Ultra Faffing

Ultra events are just about keeping going.  One foot in front of the other, right?


This would be fine, if the race had no cut off, but as most race directors actually like to go home sometimes, there will always be time limits.  Some cut offs can be a little deceiving though.  You may think that 12 days to finish 10 iron distances sounds like you have plenty of leeway. Hell, you’ve got time to put your feet up and have a massage.  Even have an ice cream or two…

During my first attempt at the Enduroman Continuous Triple, I arrived at the run section (having just managed to make the bike cut off), and looked at the time I had to run 78 miles in, and thought ‘I can do that easily’.  Cut to the early hours of Monday morning and you find me having a desperate conversation with the race director, Eddie Ette.   I had 5 miles to go, he had already extended the cut off, (as he tends to every year) but couldn’t (and rightfully so), push it anymore.

I had 5 miles to go.

We looked at the remaining time and we both knew that there was no way I would make it.  I reached down and undid my timing chip, handed it to Eddie and then sat and cried in my van for half an hour.  I was exhausted and heartbroken.  And the worst thing was, I knew that I had wasted at least an hour during the run.  Probably more.

Since then, I have worked very hard on ensuring that I have plans, lots of plans, for each event I do.  This doesn’t mean I finish them all, but I go into every ultra, super prepared for everything.  So, below are the things that I have tried and tested over the last 5 years for taking on, and hopefully finishing, the crazy, ultra shit.


Trip Hazard:

During long events, you start fresh and clear headed and obviously get more tired and befuddled as the hours go on.  It is inevitable that you will start to struggle remembering stuff.  You will find yourself on the bike without your gloves or, god forbid, missing your timing chip!  These little things will seem small (not the chip), but all add up and affect your mental and physical state.

The forgotten timing chip, however, will just break you…

When I have a sleep / rest break, where I’m removing kit, I will always lay them out by the door of wherever I’m resting.  Be it a van, tent or hotel room, if it’s by the exit, I literally cannot leave without tripping over it (I also use this method during normal life, because I have virtually no short term memory. Or long term, come to that…).

However, the timing chip goes IN THE SHOE.  No matter what, always, IN THE SHOE. 

Everything else, coat, hat, gloves, drink bottle, lights..  All that I need, is laid out by the door.  So, when you do some long or multi-day sessions at home, practice it then and make it a habit.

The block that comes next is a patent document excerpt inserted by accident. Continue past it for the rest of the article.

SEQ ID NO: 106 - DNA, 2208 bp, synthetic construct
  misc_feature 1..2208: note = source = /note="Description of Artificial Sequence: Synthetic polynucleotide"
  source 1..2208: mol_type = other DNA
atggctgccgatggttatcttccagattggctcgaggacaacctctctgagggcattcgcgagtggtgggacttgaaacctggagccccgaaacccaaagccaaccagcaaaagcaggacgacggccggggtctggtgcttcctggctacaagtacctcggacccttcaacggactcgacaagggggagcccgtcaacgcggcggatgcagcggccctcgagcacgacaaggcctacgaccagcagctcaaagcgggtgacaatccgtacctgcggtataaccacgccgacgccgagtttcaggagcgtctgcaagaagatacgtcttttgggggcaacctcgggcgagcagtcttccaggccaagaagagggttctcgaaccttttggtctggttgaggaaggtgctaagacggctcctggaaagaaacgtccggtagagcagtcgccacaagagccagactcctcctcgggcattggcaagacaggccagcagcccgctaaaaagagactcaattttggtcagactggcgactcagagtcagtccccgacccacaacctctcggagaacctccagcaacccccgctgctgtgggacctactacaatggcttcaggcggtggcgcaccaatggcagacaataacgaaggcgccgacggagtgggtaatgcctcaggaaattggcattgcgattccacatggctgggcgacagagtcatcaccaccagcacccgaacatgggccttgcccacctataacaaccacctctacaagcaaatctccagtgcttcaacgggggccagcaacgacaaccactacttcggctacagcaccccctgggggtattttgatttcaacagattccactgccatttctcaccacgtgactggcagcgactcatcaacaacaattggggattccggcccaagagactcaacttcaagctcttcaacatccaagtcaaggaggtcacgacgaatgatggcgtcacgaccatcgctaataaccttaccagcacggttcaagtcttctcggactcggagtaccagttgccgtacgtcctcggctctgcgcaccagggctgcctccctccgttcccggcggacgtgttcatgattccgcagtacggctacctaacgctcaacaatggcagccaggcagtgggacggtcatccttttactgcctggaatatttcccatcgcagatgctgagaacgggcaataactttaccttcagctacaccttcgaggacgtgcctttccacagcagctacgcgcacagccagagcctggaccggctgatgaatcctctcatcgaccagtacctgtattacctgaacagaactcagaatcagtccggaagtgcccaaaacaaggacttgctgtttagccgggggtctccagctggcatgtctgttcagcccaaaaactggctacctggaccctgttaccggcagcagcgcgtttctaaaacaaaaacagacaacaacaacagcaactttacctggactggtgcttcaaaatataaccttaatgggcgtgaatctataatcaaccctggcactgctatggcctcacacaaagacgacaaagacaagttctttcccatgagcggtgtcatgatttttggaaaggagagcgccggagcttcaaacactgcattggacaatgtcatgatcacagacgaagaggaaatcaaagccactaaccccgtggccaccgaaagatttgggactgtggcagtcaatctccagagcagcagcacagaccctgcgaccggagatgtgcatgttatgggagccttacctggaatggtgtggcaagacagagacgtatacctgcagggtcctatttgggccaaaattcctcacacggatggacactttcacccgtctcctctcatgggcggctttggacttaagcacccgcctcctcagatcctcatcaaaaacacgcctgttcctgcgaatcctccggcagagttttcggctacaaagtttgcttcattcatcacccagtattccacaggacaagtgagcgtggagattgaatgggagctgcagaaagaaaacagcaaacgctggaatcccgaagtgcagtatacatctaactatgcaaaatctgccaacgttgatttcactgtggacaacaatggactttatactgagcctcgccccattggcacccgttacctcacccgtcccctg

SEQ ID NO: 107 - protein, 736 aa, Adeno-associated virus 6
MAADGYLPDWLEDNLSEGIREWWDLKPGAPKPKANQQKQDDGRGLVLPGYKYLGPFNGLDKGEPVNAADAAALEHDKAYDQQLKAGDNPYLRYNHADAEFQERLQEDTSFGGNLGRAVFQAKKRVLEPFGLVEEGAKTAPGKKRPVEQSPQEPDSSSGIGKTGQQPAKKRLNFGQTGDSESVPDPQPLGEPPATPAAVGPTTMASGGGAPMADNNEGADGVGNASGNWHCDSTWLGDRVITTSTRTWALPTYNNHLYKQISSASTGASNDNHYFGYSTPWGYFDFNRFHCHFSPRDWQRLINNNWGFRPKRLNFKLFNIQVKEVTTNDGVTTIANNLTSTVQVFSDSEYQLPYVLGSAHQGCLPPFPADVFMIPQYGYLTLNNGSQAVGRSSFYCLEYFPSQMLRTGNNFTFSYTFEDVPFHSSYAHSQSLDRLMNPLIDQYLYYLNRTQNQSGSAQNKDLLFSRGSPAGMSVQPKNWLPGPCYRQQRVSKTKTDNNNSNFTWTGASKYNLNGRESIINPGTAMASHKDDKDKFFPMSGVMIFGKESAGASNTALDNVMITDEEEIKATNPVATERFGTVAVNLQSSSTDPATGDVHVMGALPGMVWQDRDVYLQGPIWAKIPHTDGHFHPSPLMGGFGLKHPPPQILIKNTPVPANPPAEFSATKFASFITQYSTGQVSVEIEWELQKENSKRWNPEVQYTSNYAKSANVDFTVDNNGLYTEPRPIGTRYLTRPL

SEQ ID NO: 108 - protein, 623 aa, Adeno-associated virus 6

I bloody love lists, I do.  For someone who likes to get a lot of shit done, they’re essential in my everyday life.  But I now use them in events too. During the 1×5 Quin in Switzerland, where I was crew-less (or ‘screwed’ as my ultra buddy, Joey calls it), I wrote on the inside of my van, everything I needed to do before I went to sleep, (get my swim kit ready, drink my recovery shake, timing chip IN THE SHOE etc.)  This meant that no matter how tired I was, I kept to my routine.

And don’t worry if you haven’t got a Ford Transit to write on, it’s fine to use paper.



Don’t get plans confused with lists.  They are completely different.

You need a plan for all areas of your crazy ultra shit.  One for the pacing and lap times, one for your food and drink and one for crew (if you have them).

The food / drink and crew plan can be relatively straight forward, although if you have multiple crew, you may want to build in a contingency plan, in case someone can’t make it.  And it’s also a good idea to have a ‘normal’ food plan and a ‘when you can’t eat anything anymore’ plan.  You obviously still need to eat, so having something that your crew can fall back on, is a good idea.  If you have to finish the doubletriplewhatever on Jammy Dodgers and green Jellybabies, so be it.

The pacing and lap time plan is a little trickier, as it’s almost impossible to control all the variables that will affect your pace. So I have 2 or 3…   A ‘best case’ plan, a ‘thing’s are still kinda ok’ one and ‘oh fuck, it’s all falling apart just try and finish’ plan.  I tend to end up on the latter, but by having that one in place already, I still have a sense of control, which helps with keeping a positive mindset.

Also, with pacing, if you work on a walk / run plan during the run section, ensure that you stick with this at all times (or at least until you are truly unable to maintain it).  So, if you plan to run for 5 minutes and walk for 2, make sure you don’t start running for 3 minutes and walking for 4.  It’s easily done and another way to lose precious time.  Also, make sure your run pace isn’t the same speed as your walk.  Not that I would know ANYTHING about doing this.  Not. At. All.